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William Harvey Carney
Sgt. William H. Carney,
Civil War Medal of Honor recipient
Born (1840-02-29)February 29, 1840
Died December 9, 1908(1908-12-09) (aged 68)
Place of birth Norfolk, Virginia
Place of death Boston, Massachusetts
Place of burial Oak Grove Cemetery New Bedford, Massachusetts
Allegiance United States of America
Service/branch United States Army
Union Army
Years of service 1863 - 1865
Rank Sergeant
Unit 54th Massachusetts Volunteer Infantry
Battles/wars American Civil War
Second Battle of Fort Wagner
Awards Medal of Honor

William Harvey Carney (February 29, 1840 – December 9, 1908) was an African American soldier during the American Civil War. He was awarded the Medal of Honor for his actions during the Battle of Fort Wagner.

His actions at Fort Wagner preceded those of any other black recipient. Ironically, he was not awarded the Medal of Honor for nearly 37 years after the action and thus became the last African-American to be awarded the Medal for Civil War service. The first recipient having been Robert Blake, in 1864.[1]

After the war he worked at a post office and was a guest speaker at public events until his death in 1908.

Biography[edit | edit source]

Carney was born simply as "William," a slave in Norfolk, Virginia on February 29, 1840. He ended up escaping through the Underground Railroad, and found his father living in Massachusetts. The two later bought the rest of their family out of slavery. Carney served with the 54th Massachusetts Volunteer Infantry as a Sergeant. He took part in the July 18, 1863, assault on Fort Wagner in Charleston, South Carolina. He received the Medal Of Honor for saving the American flag and planting it on the parapet despite being wounded several times. Recognizing the troops had to retreat under fire, Carney struggled back across the battlefield, being wounded twice more. He eventually made his way back to the Union lines, and turned over the colors to another survivor of the 54th, modestly saying "Boys, I only did my duty; the old flag never touched the ground!"[2]

William H. Carney

Later life[edit | edit source]

Carney was awarded the Medal of Honor May 23, 1900, nearly 37 years later. More than half such awards from the Civil War were presented 20 or more years after the fact. In later life, Carney was a postal employee and popular speaker at patriotic events. He died in Boston, Massachusetts, and is buried in the family plot at Oak Grove Cemetery in New Bedford, Massachusetts.[3] Engraved on his stone monument is a gold image of the Medal of Honor.[3]

Honors and awards[edit | edit source]

Medal of Honor citation[edit | edit source]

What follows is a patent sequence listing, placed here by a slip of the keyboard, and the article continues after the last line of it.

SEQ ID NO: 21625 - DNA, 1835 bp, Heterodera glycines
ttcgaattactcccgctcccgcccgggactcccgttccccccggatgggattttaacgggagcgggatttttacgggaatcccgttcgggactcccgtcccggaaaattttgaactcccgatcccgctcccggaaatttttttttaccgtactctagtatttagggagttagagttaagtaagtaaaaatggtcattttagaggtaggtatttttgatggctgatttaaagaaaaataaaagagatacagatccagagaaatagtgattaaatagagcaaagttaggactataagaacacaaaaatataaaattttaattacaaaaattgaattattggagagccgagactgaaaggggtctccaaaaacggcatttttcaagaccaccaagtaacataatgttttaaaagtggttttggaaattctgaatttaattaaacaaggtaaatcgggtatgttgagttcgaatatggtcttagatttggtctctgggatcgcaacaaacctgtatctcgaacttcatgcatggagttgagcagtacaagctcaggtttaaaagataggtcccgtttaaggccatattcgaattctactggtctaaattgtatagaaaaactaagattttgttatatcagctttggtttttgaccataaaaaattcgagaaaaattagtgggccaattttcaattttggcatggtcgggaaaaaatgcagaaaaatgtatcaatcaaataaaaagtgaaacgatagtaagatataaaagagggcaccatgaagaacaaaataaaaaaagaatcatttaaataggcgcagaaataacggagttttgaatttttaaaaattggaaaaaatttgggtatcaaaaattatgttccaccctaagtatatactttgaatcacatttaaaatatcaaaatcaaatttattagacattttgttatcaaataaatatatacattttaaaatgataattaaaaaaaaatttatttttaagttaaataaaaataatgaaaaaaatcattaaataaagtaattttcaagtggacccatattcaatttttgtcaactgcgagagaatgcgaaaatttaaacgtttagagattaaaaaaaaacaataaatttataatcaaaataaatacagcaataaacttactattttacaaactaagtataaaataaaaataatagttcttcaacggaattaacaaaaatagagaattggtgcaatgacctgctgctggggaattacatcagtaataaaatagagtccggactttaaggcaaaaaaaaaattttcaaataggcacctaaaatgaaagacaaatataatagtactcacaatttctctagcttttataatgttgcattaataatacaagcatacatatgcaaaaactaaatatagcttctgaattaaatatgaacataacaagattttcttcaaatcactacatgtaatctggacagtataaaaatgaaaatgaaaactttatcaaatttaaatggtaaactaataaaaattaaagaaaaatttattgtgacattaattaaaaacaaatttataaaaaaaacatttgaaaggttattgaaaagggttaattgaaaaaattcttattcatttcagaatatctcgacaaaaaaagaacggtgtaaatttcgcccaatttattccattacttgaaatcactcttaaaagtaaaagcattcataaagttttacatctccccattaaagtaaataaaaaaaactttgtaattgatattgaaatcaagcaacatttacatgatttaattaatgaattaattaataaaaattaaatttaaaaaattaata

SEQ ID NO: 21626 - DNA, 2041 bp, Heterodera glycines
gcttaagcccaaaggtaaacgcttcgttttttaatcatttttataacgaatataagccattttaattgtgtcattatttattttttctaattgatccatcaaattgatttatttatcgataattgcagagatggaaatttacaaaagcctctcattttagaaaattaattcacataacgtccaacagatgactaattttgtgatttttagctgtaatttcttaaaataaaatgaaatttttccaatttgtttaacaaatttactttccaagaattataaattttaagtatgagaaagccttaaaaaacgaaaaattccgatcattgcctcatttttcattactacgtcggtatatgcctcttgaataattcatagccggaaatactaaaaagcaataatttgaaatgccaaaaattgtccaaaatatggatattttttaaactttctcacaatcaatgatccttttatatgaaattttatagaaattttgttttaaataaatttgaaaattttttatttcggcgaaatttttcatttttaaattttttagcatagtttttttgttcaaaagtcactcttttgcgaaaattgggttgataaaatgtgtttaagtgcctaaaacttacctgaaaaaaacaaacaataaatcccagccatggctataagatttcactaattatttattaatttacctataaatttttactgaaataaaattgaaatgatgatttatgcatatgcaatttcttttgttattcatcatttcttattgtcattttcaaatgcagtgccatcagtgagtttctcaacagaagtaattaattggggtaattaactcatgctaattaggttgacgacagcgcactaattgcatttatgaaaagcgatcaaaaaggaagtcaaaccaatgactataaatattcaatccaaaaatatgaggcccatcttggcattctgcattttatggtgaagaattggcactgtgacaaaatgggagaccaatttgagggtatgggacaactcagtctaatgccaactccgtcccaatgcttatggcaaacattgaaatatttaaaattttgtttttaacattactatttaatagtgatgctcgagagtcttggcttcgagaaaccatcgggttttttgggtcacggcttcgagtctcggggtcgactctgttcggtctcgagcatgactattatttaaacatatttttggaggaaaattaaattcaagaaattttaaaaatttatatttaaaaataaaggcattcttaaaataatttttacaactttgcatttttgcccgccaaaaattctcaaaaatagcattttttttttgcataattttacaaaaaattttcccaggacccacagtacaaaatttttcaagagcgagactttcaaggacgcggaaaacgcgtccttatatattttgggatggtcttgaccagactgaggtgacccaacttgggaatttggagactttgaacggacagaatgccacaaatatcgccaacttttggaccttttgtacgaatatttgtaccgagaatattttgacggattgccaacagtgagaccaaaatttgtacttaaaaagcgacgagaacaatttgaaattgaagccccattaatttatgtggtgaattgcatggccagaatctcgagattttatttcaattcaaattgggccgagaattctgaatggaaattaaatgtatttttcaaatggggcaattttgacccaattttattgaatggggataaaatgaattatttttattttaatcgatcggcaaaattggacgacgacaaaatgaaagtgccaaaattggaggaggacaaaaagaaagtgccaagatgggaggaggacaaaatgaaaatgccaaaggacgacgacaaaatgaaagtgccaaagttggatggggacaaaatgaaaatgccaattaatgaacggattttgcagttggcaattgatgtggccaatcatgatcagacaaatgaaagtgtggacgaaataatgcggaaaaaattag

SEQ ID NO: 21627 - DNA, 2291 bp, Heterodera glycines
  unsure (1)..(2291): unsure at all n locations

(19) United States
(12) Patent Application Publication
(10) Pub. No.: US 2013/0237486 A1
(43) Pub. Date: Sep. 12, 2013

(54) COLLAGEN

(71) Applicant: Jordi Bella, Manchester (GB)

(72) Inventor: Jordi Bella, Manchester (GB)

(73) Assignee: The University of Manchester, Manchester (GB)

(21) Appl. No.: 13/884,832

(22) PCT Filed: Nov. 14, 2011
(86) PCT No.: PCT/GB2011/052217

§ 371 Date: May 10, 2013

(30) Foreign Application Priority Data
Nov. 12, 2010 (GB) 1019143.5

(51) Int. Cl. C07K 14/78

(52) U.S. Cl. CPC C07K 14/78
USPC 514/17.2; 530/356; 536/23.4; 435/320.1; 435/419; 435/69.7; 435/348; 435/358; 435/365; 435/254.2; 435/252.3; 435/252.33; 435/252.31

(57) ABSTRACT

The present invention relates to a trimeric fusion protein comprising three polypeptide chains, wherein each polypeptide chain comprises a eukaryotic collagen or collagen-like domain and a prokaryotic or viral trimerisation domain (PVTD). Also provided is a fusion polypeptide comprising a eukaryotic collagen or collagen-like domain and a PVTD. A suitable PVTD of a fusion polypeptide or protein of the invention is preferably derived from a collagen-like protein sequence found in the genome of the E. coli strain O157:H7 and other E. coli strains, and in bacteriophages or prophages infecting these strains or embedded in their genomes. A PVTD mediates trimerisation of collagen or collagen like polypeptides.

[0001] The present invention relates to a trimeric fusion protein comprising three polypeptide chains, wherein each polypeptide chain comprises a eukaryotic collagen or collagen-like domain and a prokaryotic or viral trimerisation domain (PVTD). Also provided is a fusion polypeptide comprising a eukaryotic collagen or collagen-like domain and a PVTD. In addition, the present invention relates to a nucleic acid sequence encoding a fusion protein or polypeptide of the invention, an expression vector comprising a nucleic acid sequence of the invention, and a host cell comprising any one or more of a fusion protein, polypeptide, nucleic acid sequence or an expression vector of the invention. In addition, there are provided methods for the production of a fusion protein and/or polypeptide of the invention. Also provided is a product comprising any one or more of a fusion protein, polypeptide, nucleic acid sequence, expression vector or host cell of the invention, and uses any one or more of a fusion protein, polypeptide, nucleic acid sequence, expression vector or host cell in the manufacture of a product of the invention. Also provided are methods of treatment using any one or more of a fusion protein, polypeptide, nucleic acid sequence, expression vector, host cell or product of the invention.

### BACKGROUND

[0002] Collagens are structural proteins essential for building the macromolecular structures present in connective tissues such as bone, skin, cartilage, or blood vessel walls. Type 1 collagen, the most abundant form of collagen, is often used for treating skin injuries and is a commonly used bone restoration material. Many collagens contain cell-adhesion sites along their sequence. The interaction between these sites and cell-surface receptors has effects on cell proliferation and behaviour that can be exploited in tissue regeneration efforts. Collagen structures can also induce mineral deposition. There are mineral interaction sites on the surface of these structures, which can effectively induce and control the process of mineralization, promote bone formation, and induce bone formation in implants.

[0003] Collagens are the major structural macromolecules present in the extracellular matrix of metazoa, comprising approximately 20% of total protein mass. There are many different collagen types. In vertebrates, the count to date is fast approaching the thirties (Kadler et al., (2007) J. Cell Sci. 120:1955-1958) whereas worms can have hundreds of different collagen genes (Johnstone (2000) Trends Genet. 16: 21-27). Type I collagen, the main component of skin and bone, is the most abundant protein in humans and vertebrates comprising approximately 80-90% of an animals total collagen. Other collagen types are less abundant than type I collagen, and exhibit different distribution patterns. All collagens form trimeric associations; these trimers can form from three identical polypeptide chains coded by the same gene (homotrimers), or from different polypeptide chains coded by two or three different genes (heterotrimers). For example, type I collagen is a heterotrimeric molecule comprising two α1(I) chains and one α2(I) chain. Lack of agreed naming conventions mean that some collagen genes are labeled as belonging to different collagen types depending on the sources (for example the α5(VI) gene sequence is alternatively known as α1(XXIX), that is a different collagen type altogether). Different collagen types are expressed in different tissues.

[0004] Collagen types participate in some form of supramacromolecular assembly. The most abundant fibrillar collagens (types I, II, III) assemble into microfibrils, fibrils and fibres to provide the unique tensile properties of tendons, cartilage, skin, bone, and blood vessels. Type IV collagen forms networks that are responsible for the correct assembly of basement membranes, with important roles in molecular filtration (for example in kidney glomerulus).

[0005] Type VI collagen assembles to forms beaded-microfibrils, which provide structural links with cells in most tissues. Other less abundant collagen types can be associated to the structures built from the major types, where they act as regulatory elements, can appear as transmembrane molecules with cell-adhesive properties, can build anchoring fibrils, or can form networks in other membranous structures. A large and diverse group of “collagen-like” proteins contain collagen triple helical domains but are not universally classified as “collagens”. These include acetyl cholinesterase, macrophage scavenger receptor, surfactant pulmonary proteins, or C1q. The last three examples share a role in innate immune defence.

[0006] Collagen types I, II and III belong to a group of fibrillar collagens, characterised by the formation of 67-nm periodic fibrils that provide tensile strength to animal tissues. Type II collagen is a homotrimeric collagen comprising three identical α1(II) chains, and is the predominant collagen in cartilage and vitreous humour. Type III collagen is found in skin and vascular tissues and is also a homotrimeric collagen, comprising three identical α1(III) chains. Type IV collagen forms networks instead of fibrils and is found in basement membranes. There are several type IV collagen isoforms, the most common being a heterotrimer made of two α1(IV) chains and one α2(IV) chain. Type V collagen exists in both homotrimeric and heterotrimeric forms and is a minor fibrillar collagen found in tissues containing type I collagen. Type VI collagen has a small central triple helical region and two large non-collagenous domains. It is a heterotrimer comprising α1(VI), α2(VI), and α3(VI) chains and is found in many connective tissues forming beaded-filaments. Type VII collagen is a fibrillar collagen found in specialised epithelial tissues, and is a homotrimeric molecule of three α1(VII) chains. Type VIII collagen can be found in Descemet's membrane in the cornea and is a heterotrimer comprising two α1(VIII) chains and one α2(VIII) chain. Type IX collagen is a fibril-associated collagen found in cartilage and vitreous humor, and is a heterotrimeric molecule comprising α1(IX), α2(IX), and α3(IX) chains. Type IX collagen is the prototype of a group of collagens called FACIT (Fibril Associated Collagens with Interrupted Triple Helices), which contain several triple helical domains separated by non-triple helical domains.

Medal of honor old.jpg

Rank and Organization:

Sergeant, Company C, 54th Massachusetts Colored Infantry. Place and date: At Fort Wagner, S.C., July 18, 1863. Entered service at: New Bedford, Mass. Birth: Norfolk, Va. Date of issue: May 23, 1900.


When the color sergeant was shot down, this soldier grasped the flag, led the way to the parapet, and planted the colors thereon. When the troops fell back he brought off the flag, under a fierce fire in which he was twice severely wounded.[4]

Other honors[edit | edit source]

The attack on Fort Wagner is depicted in the film Glory.

Carney's face is shown on the monument to Robert Gould Shaw and the 54th on the Boston Common designed by Augustus Saint Gaudens.

The Sgt. Carney Salute—folding of a flag on a staff in a manner to allow immediate unfurling—was developed by California Scoutmaster J.S. Fox at the 1997 Boy Scout National Scout Jamboree after studying the creases and folds of Civil War Regimental Flags.

A New Bedford, Massachusetts elementary school was named in his honor.

See also[edit | edit source]

References[edit | edit source]

  1. Owens, Ron (2004). Medal of Honor: Historical Facts & Figures. Turner Publishing Company. pp. 20–21. 
  2. Carney, William Harvey (1863-07-18). "William Harvey Carney (1840 - 1908)". The Center for African American Genealogical Research, Inc.. http://www.caagri.org/carney.php. Retrieved 2011-02-08. "Medal of Honor Citation: "When the color sergeant was shot down, this soldier grasped the flag, led the way to the parapet, and planted the colors thereon. When the troops fell back he brought off the flag, under a fierce fire in which he was twice severely wounded."" 
  3. 3.0 3.1 "William Harvey Carney". Claim to Fame: Medal of Honor recipients. Find a Grave. http://www.findagrave.com/memorial/6826582. Retrieved February 1, 2010. 
  4. "Medal of Honor recipients". American Civil War (A-L). United States Army Center of Military History. July 16, 2007. http://www.history.army.mil/html/moh/civwaral.html. Retrieved February 1, 2009. 

External links[edit | edit source]

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